This study focuses on how civic education is changing in the context of democratization and decentralization in West Sumatra, Indonesia. The dissertation investigates how teachers’ beliefs and practices have changed along with democratization and educational reform, how teachers are connected to political change and the reform of civic education at the national level, and what changes have been and are being made to civic education at the national and local levels.
Specifically, the study examines how teachers in senior secondary school classrooms in two schools in West Sumatra obtained information about changes and how they used the information gained in their teaching. It considers what good teachers did in the classroom and how they explained their actions in view of their ideas about civic education and democratic citizenship. Finally it considers whether the civic education provided has contributed to democratization or to producing democratic citizens. An ethnographic case study was done over 16 months (2002–2004) in West Sumatra, consisting of school and classroom observations, document reviews, and interviews at school, city, province and national levels.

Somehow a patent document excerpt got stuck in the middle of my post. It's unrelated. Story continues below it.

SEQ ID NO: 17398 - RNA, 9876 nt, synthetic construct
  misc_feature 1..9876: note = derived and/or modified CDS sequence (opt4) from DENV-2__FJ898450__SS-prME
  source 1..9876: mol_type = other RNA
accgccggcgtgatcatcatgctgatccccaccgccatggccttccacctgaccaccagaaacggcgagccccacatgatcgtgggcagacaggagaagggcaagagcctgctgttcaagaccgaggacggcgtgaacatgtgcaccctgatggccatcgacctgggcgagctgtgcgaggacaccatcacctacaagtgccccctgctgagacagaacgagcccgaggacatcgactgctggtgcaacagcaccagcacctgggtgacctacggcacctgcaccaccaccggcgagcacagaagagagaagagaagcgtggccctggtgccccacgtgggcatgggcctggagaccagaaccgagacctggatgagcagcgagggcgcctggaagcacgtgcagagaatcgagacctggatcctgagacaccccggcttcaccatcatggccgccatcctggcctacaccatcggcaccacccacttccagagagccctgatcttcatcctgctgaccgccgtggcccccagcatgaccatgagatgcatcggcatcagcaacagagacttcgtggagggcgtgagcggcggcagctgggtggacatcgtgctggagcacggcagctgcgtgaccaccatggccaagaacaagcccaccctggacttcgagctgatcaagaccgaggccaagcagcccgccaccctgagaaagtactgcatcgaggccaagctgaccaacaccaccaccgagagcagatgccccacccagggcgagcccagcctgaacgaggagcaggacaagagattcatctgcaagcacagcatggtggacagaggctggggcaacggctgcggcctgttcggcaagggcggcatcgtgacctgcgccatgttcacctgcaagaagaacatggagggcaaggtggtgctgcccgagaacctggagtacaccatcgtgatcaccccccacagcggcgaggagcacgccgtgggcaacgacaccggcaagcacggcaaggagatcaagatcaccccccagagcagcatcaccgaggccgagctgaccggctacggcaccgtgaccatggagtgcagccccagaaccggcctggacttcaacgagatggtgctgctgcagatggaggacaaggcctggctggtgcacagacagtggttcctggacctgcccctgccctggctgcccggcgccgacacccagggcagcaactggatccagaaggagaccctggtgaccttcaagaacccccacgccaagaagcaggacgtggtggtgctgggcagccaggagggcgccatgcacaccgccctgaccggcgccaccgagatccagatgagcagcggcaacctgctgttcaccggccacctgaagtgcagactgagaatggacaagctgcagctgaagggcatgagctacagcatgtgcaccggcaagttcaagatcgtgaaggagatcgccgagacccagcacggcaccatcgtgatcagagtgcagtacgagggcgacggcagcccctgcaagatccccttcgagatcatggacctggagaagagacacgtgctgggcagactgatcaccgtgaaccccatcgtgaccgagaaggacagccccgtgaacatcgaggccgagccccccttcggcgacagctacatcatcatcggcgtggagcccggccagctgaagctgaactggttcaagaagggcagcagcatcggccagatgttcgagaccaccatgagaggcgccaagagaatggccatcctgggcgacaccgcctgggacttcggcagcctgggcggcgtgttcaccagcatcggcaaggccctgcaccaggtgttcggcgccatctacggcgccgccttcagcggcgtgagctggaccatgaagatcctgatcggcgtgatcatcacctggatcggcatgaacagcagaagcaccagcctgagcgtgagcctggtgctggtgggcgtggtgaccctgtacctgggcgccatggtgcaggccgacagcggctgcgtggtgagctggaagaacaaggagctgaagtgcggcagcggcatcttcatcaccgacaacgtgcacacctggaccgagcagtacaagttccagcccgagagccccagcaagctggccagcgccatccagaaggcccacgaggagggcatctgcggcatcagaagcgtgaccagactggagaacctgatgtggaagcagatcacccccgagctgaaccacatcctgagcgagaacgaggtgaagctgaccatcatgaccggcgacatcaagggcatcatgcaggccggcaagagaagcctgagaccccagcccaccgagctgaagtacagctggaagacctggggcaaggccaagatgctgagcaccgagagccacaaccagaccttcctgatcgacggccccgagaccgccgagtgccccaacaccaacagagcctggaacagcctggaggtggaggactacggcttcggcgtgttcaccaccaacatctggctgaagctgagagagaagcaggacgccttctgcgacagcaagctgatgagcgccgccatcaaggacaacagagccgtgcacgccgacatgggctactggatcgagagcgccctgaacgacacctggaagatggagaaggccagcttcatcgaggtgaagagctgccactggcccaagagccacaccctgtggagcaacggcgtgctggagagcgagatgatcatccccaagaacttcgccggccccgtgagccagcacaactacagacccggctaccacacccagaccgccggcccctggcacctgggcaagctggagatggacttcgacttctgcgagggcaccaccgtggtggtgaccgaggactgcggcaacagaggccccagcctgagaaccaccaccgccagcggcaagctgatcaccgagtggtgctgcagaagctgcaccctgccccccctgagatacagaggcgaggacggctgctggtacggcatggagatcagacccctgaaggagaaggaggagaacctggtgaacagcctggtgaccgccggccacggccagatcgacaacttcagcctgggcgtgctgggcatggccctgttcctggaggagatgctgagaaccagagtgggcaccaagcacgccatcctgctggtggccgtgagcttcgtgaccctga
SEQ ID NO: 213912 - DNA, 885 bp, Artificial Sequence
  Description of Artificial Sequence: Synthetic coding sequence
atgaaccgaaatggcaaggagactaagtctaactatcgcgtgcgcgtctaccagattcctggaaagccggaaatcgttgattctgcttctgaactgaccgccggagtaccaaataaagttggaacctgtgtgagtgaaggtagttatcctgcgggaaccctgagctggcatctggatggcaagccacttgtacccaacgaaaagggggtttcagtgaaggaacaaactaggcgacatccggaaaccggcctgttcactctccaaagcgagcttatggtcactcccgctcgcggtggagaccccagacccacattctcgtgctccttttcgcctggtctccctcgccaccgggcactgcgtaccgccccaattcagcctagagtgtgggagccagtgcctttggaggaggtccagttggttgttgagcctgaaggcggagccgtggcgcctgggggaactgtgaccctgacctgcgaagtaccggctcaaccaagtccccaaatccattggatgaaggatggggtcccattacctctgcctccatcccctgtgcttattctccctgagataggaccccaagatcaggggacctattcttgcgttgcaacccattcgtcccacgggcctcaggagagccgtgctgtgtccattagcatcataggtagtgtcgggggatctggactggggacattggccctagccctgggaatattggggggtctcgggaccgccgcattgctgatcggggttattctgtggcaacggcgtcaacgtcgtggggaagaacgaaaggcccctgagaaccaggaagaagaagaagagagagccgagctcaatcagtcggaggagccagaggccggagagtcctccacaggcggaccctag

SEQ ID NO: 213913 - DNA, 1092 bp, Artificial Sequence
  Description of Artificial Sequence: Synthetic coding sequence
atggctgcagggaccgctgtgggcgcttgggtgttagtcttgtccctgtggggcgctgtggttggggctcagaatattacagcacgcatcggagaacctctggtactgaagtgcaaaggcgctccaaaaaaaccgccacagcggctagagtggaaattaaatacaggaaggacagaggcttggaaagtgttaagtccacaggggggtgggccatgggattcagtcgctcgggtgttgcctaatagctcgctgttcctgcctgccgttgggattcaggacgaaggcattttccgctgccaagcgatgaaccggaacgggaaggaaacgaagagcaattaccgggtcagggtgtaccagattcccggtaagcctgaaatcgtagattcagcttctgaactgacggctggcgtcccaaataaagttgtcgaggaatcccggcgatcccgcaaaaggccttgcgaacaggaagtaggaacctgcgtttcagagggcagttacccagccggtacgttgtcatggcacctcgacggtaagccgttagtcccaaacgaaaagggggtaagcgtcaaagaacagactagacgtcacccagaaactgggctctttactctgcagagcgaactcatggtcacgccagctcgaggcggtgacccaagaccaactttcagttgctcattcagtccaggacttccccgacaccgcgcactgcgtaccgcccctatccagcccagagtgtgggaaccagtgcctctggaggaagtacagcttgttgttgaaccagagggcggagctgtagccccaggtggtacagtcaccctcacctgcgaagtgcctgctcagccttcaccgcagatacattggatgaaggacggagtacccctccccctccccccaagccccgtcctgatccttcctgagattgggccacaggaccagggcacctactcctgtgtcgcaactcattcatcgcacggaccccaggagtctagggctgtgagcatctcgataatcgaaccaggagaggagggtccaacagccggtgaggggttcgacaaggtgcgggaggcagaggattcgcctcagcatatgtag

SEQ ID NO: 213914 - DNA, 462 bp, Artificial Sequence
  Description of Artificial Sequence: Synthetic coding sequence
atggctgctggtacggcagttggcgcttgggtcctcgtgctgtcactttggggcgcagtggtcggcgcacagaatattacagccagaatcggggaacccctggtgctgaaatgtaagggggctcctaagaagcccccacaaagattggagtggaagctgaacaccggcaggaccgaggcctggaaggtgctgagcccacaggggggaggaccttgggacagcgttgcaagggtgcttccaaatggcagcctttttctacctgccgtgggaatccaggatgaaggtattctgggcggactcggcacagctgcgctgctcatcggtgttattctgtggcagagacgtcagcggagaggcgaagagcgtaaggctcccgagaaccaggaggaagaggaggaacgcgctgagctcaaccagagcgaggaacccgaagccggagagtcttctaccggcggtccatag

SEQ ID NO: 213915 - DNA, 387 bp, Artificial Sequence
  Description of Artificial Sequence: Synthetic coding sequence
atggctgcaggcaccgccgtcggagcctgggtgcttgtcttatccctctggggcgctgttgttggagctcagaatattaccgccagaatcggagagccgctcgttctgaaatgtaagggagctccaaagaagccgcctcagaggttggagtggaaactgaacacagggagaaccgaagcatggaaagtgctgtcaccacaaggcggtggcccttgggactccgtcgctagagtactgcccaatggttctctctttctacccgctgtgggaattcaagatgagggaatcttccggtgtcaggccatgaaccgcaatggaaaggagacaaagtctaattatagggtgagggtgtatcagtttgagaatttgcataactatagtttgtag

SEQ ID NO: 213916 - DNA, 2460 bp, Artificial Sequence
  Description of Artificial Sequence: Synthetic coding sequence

The overall research question is: How is civic education really changing in the context of democratization in Indonesia? The following questions were investigated to answer the main research question: How have teachers’ beliefs and practices changed along with democratization? What changes have been and are being made to civic education at the national level? How are teachers connected to the reform of civic education at the national level?
|Commitee:||Arnove, Robert, Bartley, Timothy, Levinson, Bradley|
|Department:||School of Education|
|School Location:||United States -- Indiana|
|Source:||DAI-A 70/02, Dissertation Abstracts International|
|Subjects:||Cultural anthropology, Social studies education|
|Keywords:||Civic education, Education reform, Indonesia, Reform, Secondary education, Teacher change, West Sumatra|
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